With Robert Smith there are always two sides to every story: his lyrics, his music, his style, his personality, his life – everything seems to be wandering in an air of mystery that surrounds The Cure frontman since he first entered the music scene with his untidy black hair and messy red lipstick. Being the driving force behind The Cure for almost 35 years, Robert Smith remains a unique case of artist, one of those that cannot be passed, even if one hates Goth punk in its early roots.
Robert Smith’s Goth Face
The debut album of The Cure, “Three Imaginary Boys” (1979), was the beginning of an unrestrained psychedelic euphoria in the wake of post-punk revolution in the UK. Along with groups like Joy Division, Echo & The Bunnymen, Bauhaus and many others, The Cure established their own style, building their myth on the dark side of life. During their success, Robert Smith evolved into a remarkable poet. His introvert verses and his peculiar, almost shy way to express himself, made The Cure the vehicle of his own explorations, but at the same time, one of the most influential post-punk groups in the history of music.
In their early years, in Sussex, the band and Smith himself experimented with dark, tormented music and lyrics. Being a dark personality himself, Smith wrote depressing lyrics, flirting with death and glorifying drama. Always dressed in black, always talking black, always feeling black, Robert Smith got himself in a relentless spin of melancholy reflected on his poetry.
In “A Forest” from “Seventeen Seconds” (1980), The Cure’s second album, Smith writes “It’s always the same, I’m running towards nothing, again and again and again and again..”
In “Primary” from “Faith” (1981), The Cure’s third album, Smith writes “The further we go and older we grow, the more we know, the less we show …”
In “A Hundred Years” from The Cure’s fourth album, “Pornography” (1982), Smith writes “It doesn’t matter if we all die…” and then continues “A prayer for something better, please love me…. A sound like a tiger thrashing in the water thrashing in the water, over and over, we die one after the other…”
Robert Smith’s Pop Face
Over the course of years, Robert Smith became more commercial, happier and more pop. He equally represents the pure pop of “Close To Me” (1985), the overflowing love of “Just Like Heaven” (1987), the deserted lover in “Disintegration” (1989), the happy lover in “Friday I’m In Love” (1992) and so many happy things that, for a moment, life seemed like a big party listening to The Cure. All that gloom, all that depression, all that misery had suddenly transformed into a happy hour. Smith was accused of converting the “Cure sound” into commercial pop crap betraying the Goth values and the post-punk sounds that so many fans had adored in the early days of the group and had religiously followed and worshiped.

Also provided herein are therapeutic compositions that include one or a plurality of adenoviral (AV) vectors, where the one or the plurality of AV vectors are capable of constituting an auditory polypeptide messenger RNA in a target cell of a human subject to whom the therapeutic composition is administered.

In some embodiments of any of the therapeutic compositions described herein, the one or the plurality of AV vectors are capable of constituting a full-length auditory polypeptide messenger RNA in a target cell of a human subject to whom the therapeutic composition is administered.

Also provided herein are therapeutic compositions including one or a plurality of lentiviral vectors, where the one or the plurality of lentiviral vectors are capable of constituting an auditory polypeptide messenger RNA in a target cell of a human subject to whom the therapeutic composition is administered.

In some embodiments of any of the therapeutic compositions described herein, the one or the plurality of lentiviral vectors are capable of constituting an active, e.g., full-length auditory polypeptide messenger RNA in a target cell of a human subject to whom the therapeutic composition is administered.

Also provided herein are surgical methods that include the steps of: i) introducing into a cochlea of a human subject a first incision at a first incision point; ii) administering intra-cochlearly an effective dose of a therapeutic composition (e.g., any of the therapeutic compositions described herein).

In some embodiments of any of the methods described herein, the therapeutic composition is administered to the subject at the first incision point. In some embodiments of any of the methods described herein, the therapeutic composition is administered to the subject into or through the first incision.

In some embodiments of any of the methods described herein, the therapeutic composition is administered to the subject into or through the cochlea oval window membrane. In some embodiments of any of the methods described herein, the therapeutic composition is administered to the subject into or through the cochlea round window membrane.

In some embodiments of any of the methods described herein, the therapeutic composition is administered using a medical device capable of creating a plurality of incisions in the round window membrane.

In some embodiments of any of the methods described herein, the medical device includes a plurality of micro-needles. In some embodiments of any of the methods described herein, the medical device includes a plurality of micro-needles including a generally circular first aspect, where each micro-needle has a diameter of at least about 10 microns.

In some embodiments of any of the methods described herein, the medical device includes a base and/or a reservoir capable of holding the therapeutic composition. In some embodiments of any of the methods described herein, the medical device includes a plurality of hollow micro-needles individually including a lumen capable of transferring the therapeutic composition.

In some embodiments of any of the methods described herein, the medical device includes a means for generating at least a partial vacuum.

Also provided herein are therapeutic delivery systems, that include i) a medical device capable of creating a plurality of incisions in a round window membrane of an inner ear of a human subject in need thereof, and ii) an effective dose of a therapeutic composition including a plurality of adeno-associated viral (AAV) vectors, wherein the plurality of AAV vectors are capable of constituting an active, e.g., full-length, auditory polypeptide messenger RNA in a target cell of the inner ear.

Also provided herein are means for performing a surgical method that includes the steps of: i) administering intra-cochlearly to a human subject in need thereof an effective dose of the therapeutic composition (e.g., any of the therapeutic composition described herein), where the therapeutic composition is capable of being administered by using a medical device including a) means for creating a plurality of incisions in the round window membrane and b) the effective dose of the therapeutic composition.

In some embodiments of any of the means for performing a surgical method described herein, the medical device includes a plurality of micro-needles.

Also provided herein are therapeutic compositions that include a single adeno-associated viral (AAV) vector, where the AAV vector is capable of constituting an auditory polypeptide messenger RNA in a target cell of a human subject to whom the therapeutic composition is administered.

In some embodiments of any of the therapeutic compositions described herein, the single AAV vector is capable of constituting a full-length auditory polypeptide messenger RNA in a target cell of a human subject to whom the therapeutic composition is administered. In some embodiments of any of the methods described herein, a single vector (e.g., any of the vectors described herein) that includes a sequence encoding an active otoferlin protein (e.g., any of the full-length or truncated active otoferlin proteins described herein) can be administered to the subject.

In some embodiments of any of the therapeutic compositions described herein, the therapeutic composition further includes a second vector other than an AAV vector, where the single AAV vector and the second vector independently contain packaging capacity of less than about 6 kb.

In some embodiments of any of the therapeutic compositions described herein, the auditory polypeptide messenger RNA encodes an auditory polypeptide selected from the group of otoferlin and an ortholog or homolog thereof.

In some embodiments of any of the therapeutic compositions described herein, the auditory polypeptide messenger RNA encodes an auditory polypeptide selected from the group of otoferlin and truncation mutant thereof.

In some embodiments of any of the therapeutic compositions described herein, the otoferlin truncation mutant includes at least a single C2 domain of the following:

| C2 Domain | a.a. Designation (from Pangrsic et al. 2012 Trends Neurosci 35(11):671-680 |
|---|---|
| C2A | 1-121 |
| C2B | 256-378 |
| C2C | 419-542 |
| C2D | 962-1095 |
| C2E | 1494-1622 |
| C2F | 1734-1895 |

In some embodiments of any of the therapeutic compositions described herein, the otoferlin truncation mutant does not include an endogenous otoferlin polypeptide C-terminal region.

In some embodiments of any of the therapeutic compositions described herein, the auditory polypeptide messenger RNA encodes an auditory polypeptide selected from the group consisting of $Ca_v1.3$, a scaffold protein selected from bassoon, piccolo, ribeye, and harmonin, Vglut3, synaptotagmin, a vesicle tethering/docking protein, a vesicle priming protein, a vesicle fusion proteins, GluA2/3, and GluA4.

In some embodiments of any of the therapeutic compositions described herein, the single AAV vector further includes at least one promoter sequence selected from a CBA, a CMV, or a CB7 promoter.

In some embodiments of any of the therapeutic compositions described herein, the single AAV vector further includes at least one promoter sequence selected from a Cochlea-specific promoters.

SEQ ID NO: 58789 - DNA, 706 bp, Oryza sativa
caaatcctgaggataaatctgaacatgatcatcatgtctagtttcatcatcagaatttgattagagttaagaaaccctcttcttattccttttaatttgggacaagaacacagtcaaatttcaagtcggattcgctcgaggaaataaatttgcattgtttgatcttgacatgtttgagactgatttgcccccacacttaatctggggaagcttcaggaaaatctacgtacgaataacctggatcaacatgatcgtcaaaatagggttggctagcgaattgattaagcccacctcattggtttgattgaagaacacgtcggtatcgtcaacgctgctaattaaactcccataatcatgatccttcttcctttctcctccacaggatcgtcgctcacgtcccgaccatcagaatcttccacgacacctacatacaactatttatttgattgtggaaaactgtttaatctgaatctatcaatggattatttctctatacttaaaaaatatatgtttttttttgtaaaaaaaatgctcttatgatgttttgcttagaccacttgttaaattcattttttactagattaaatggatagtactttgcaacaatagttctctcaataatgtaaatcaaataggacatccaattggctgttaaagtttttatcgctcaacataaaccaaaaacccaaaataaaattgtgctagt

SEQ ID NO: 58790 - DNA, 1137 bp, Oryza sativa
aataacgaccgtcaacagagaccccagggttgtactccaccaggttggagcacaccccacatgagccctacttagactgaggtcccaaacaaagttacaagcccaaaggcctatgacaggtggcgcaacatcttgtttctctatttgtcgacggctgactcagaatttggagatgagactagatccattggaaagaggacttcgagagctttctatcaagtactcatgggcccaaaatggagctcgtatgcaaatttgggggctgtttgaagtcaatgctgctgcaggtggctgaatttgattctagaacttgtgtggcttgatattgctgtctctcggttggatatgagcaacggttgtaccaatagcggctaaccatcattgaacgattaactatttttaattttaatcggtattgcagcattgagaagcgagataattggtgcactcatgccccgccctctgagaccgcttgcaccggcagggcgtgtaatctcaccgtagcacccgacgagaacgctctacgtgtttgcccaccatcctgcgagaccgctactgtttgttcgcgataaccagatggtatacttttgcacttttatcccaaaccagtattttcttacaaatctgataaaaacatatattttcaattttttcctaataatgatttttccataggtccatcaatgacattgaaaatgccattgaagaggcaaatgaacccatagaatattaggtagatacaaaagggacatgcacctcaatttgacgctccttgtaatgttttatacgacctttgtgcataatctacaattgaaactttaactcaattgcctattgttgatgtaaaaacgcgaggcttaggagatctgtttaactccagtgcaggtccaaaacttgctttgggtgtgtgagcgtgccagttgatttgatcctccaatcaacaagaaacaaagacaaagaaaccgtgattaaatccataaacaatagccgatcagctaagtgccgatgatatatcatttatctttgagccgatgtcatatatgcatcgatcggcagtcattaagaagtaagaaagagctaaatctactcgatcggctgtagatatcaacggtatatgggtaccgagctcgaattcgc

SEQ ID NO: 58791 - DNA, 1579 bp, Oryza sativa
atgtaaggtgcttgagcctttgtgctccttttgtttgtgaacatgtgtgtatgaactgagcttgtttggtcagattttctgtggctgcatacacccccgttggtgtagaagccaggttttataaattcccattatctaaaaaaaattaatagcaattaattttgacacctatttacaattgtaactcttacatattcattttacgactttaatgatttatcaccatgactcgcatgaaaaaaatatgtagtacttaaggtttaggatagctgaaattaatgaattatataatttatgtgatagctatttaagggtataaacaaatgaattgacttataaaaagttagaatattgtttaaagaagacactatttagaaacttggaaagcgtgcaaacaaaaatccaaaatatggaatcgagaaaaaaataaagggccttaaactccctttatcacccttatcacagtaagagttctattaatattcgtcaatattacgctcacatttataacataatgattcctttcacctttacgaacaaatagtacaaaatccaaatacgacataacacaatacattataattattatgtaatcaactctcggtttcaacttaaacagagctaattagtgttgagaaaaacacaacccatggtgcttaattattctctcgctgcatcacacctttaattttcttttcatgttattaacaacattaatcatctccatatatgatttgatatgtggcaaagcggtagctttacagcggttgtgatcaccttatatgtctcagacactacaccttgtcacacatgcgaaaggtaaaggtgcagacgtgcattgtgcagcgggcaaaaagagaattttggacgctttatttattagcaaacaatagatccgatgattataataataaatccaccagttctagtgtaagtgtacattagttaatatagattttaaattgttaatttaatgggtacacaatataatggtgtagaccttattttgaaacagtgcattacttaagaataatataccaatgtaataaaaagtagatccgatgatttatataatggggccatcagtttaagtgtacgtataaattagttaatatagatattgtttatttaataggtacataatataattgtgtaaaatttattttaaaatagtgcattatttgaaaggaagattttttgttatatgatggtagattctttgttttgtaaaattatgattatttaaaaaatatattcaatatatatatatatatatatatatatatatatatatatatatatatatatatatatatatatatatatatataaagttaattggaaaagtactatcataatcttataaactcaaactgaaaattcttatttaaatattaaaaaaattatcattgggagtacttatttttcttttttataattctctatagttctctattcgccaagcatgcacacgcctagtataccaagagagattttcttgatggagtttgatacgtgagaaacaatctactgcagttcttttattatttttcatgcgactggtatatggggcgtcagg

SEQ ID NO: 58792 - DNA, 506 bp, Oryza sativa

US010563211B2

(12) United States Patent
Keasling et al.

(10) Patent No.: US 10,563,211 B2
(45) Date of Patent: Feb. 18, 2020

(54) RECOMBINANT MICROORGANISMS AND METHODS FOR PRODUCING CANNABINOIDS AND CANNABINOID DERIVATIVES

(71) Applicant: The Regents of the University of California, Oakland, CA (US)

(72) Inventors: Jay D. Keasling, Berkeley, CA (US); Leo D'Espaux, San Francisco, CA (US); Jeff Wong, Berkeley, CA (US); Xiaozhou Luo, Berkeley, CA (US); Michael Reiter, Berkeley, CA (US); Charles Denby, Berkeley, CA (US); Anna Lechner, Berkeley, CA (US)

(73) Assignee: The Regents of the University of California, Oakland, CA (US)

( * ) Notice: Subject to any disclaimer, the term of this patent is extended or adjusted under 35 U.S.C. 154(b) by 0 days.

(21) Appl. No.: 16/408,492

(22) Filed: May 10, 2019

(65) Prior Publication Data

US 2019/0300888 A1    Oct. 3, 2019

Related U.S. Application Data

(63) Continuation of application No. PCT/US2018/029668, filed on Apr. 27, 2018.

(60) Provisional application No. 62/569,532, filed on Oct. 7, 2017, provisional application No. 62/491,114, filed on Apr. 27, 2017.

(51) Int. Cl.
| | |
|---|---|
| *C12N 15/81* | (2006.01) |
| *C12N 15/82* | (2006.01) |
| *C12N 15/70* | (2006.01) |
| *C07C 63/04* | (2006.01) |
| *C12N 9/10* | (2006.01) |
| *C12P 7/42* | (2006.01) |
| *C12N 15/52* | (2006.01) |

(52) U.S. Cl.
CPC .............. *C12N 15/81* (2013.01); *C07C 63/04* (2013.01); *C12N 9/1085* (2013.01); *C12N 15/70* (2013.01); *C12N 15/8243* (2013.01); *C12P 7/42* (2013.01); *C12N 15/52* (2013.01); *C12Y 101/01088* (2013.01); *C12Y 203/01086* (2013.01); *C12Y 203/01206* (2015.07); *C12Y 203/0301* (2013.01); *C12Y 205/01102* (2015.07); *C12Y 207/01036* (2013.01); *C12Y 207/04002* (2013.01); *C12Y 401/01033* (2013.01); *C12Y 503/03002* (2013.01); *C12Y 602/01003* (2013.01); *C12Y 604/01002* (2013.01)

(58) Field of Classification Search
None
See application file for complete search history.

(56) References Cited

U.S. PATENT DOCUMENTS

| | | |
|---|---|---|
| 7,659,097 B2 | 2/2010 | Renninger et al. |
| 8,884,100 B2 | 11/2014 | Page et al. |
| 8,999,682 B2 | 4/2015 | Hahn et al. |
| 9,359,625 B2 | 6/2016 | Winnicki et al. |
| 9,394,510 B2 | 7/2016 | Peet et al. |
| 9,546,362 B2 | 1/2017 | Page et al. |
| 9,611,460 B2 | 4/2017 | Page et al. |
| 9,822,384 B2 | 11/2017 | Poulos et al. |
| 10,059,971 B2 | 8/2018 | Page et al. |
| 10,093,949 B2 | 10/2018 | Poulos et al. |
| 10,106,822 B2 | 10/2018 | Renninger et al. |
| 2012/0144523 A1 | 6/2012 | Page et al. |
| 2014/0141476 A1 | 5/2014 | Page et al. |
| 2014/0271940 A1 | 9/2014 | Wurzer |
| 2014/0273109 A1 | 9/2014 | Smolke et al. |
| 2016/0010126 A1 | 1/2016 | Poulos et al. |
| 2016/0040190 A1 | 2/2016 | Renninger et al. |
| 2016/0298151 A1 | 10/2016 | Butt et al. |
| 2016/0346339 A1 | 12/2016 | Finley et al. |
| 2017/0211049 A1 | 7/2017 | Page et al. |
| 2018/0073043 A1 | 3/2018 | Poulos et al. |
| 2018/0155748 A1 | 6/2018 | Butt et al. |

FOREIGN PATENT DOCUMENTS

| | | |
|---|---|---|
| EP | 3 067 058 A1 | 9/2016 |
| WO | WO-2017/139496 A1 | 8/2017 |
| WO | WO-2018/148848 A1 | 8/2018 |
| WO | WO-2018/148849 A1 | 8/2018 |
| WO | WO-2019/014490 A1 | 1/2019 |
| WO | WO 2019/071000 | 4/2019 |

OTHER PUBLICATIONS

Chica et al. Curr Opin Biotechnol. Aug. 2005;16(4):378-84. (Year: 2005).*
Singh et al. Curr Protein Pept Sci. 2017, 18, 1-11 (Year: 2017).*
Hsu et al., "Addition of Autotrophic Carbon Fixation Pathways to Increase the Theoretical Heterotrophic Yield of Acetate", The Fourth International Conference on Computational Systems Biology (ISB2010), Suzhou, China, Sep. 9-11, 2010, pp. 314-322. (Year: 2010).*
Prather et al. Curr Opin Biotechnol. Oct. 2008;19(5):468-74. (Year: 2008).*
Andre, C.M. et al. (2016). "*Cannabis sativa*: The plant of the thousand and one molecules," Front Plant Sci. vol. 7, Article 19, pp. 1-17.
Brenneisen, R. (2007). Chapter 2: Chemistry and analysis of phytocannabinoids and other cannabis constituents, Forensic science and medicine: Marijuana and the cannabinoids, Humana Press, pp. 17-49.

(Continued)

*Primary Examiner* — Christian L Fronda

How can suddenly the same person that was glorifying human existence and was influenced by French Existentialism (“Killing an Arab” is based on the “L’Etranger” of Albert Camus), write about love, life, and happiness? In “Just Like Heaven” from The Cure’s seventh album, “Kiss Me, Kiss Me, Kiss Me” (1987), Smith writes “I kissed her face and kissed her head, and dreamed of all the different ways I had to make her glow”. What does this have to do with tangoing with death in “Pornography” (1982)?
Robert Smith Remains Gloomy
Robert Smith has indeed many faces. Since 1976 he has been a songwriter, singer and guitarist of post-punk group, but also a cult hero, a video star, and a style leader. He has experimented with several sounds and has managed to bridge the gap between the punk and the pop. Although he has produced so many diverse sounds, the “Cure sound” has never really changed. Even in the most “poppish” songs the basic elements are bass lines, drums and synthesizers; keyboards, and acoustic guitars that make the sound kind of happier appear ad hoc.
As for the lyrics, it takes a bit of effort to read behind the lines and see that Robert Smith has never really stopped being melancholic. Even if he anchors his lyrics with a happier music, they remain sad and gloomy.
In” Close To Me”, from “The Head On The Door” (1985), The Cure’s sixth album, Smith writes “I’ve waited hours for this, I’ve made myself so sick, I wish I’d stayed asleep today, I never thought this day would end, I never thought tonight could ever be this close to me.”
In “Disintegration”, the title track from The Cure’s eighth album (1989), Smith writes “I leave you with photographs, pictures of trickery, stains on the carpet and stains on the memory, songs about happiness murmured in dreams when we both of us knew how the end always is…”
How can possibly these lyrics be considered happy only because the music is pop?
With Robert Smith there are always two sides to every story. Yet, there is also one thing that remains stable all these years: Robert is still dark, melancholic, unconventional, and bizarre, bearing all those virtues that a person should have to be artistically creative. Maybe this explains why of all the changes that The Cure went through – bass players, guitarists, drummers – Robert Smith is the only constant element since 1976.
There is not much to say about Robert Smith. Only that with his lyrics he brought up whole generations and he made people think and feel. The “messiah of melancholy” is still here. Thankfully.
“It’s not a case of doing what’s right, it’s just the way I feel that matters, tell me I’m wrongI don’t really care…” – “Play For Today” (from “Seventeen Seconds” – 1980)